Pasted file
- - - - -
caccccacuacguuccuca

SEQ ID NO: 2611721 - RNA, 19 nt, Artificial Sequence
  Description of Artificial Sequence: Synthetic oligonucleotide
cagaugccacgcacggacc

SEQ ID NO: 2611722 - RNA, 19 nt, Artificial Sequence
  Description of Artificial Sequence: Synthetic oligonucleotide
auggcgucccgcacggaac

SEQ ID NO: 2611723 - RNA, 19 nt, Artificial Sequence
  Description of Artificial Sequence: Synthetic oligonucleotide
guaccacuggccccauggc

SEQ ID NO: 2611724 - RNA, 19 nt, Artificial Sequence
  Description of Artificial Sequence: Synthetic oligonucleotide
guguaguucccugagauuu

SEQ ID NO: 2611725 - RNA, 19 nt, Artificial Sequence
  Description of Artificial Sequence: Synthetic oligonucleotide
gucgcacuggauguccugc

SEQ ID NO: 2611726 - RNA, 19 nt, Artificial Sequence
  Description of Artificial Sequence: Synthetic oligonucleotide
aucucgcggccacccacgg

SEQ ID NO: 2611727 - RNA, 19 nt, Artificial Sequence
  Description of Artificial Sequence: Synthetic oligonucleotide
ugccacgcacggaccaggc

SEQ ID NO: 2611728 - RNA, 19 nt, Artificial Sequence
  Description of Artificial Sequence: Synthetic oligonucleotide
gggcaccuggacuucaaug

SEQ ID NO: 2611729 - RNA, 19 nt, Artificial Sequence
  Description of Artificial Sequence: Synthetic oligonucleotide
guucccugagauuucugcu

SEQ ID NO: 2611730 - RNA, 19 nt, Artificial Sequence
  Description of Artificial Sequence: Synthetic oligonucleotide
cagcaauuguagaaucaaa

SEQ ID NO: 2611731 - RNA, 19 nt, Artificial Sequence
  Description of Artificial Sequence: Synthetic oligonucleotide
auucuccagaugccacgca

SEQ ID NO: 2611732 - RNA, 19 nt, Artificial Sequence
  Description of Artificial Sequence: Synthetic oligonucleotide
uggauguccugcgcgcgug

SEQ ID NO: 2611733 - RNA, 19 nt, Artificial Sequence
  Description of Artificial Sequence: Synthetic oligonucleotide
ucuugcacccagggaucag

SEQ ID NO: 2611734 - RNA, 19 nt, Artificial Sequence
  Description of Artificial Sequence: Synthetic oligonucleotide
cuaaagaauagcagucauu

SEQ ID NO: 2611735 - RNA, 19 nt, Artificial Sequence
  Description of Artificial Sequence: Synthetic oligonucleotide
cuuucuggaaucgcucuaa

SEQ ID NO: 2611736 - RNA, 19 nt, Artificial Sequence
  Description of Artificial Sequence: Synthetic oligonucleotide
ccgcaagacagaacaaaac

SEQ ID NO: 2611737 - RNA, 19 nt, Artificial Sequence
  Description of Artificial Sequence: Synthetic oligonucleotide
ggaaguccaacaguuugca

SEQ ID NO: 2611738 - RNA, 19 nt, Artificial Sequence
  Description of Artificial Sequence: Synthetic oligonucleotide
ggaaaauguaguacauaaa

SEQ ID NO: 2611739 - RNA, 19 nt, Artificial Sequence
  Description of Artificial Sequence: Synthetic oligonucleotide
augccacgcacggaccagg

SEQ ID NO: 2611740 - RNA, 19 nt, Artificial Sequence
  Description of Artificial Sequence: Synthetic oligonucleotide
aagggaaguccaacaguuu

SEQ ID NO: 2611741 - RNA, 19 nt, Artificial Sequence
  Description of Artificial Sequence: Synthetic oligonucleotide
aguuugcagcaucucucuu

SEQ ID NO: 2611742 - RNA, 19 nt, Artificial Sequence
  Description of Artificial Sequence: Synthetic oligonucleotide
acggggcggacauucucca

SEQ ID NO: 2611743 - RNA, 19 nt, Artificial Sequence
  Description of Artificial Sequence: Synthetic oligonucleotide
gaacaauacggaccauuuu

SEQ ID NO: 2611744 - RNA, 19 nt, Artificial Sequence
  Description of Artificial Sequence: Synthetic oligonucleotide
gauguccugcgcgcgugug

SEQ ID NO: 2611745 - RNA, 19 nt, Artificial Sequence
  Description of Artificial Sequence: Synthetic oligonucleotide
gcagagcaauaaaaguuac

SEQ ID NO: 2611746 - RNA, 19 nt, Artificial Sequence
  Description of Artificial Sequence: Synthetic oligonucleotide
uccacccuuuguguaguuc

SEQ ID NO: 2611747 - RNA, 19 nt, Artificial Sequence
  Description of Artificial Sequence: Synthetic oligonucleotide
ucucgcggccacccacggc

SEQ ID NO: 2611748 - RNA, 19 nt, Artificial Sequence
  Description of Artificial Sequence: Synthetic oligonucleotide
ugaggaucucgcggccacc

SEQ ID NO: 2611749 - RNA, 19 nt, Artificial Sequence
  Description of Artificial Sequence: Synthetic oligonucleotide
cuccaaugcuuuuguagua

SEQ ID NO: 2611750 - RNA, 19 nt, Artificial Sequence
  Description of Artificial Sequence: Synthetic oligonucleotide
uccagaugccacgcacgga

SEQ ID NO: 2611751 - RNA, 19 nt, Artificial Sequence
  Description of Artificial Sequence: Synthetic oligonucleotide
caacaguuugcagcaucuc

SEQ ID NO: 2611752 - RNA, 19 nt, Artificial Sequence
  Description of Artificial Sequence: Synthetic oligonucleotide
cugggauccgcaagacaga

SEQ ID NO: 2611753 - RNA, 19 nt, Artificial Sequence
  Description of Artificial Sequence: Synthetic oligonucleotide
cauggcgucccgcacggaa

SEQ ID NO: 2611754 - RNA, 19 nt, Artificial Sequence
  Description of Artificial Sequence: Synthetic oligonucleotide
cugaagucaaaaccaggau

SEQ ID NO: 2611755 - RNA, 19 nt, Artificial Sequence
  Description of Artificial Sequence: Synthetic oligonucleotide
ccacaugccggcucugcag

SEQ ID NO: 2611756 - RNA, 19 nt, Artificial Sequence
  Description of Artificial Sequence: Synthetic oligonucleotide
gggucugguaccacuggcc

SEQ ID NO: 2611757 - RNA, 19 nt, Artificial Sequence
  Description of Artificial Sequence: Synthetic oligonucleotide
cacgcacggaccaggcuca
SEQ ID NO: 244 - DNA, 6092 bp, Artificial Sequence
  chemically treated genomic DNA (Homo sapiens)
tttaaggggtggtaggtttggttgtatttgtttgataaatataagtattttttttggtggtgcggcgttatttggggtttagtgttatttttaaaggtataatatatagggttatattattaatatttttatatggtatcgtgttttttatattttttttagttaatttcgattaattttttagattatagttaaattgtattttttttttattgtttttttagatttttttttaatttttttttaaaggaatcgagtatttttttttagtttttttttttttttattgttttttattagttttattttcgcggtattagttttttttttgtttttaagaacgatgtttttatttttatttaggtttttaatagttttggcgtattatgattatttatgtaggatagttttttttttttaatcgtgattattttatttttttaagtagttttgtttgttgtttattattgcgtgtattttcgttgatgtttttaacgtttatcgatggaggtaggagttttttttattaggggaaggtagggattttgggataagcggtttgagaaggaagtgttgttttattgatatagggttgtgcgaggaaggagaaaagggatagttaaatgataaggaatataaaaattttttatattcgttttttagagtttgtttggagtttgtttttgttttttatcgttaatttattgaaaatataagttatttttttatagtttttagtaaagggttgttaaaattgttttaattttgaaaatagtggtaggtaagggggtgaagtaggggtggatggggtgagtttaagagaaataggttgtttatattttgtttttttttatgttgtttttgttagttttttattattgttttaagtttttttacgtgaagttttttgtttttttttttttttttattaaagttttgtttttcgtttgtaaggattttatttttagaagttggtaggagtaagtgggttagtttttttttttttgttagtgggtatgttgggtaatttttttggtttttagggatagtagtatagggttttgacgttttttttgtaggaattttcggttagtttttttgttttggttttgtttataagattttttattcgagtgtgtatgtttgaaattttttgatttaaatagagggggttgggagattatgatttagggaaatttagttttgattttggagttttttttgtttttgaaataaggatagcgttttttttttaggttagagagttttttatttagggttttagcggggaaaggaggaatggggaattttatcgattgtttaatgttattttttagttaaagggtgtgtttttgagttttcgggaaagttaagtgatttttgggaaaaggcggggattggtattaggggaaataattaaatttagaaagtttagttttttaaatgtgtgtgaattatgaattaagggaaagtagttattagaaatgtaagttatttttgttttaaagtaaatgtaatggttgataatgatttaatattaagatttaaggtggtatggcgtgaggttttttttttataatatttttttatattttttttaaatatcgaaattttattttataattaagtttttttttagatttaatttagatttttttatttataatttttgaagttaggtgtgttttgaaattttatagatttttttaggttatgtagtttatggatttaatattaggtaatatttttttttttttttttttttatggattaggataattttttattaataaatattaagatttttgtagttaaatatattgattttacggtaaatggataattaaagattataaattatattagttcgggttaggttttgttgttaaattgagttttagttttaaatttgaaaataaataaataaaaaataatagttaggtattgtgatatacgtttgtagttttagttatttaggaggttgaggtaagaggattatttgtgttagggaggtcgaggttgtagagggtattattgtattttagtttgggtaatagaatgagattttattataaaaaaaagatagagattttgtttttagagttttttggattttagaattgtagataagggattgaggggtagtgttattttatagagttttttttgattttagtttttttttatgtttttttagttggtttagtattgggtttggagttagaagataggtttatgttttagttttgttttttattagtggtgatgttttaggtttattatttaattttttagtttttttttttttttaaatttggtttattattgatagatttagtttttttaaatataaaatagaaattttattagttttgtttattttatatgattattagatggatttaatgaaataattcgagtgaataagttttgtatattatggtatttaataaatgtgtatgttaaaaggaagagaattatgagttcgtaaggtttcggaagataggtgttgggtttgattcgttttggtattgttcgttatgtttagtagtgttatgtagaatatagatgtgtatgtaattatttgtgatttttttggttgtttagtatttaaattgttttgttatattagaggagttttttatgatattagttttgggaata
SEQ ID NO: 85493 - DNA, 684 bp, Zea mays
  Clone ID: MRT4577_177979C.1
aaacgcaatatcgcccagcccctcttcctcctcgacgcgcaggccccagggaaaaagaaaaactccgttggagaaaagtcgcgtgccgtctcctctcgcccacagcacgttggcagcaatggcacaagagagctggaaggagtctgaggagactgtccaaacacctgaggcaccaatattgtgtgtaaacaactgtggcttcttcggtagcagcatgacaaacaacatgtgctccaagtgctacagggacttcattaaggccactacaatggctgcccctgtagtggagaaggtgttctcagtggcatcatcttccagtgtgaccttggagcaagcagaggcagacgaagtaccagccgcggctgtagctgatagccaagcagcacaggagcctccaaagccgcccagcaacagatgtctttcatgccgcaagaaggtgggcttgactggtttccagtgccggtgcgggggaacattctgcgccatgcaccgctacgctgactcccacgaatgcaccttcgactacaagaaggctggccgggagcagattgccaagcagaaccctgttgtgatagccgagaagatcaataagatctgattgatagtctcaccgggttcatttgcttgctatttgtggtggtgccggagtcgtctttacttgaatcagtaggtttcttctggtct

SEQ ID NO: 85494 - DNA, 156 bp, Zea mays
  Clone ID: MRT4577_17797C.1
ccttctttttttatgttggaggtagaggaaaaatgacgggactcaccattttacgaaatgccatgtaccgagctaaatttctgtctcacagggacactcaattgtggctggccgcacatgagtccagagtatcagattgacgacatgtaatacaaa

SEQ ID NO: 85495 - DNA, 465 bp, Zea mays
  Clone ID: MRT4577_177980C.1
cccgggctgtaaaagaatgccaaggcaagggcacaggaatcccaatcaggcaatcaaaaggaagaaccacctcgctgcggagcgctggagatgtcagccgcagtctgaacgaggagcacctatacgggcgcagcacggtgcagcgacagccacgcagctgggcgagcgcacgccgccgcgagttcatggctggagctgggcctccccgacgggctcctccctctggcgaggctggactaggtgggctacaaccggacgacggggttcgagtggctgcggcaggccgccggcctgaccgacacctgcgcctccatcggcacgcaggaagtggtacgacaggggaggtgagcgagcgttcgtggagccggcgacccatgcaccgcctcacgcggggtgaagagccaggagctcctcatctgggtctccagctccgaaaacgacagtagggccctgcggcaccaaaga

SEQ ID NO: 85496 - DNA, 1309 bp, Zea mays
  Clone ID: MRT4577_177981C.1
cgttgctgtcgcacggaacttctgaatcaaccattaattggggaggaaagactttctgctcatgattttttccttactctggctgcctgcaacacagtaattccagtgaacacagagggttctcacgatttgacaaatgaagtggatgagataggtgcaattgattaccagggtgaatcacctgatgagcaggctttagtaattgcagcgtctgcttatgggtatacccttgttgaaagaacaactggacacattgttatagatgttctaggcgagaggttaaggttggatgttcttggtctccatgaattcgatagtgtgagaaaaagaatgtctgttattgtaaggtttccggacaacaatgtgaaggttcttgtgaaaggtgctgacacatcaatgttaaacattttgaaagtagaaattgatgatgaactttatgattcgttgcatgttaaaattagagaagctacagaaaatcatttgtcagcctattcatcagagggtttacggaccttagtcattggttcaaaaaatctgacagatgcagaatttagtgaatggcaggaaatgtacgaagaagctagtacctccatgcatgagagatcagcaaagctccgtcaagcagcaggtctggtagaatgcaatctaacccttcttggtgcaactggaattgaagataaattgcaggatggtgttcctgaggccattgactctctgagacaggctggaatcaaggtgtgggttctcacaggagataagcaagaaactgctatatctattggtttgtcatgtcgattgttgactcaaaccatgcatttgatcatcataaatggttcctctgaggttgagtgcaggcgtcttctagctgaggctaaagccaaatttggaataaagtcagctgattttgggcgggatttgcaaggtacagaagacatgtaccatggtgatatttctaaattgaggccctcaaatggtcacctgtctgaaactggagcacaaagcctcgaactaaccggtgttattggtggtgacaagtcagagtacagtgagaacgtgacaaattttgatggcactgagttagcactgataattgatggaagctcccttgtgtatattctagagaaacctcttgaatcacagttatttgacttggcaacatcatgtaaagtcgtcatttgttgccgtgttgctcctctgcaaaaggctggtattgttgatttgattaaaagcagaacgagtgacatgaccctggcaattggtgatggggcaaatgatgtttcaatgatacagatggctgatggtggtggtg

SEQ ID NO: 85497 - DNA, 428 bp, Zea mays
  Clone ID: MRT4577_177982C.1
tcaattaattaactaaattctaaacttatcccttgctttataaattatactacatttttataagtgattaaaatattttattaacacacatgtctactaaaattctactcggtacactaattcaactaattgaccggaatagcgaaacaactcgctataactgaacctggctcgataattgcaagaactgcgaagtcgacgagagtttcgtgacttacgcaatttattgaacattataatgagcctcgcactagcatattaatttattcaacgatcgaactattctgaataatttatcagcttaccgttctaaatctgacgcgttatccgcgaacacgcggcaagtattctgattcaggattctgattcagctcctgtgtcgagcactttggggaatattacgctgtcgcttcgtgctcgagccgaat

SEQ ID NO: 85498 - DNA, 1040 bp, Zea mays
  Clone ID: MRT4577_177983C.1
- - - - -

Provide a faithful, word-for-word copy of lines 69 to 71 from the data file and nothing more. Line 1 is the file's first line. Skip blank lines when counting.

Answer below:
  Description of Artificial Sequence: Synthetic oligonucleotide
gaacaauacggaccauuuu

SEQ ID NO: 2611744 - RNA, 19 nt, Artificial Sequence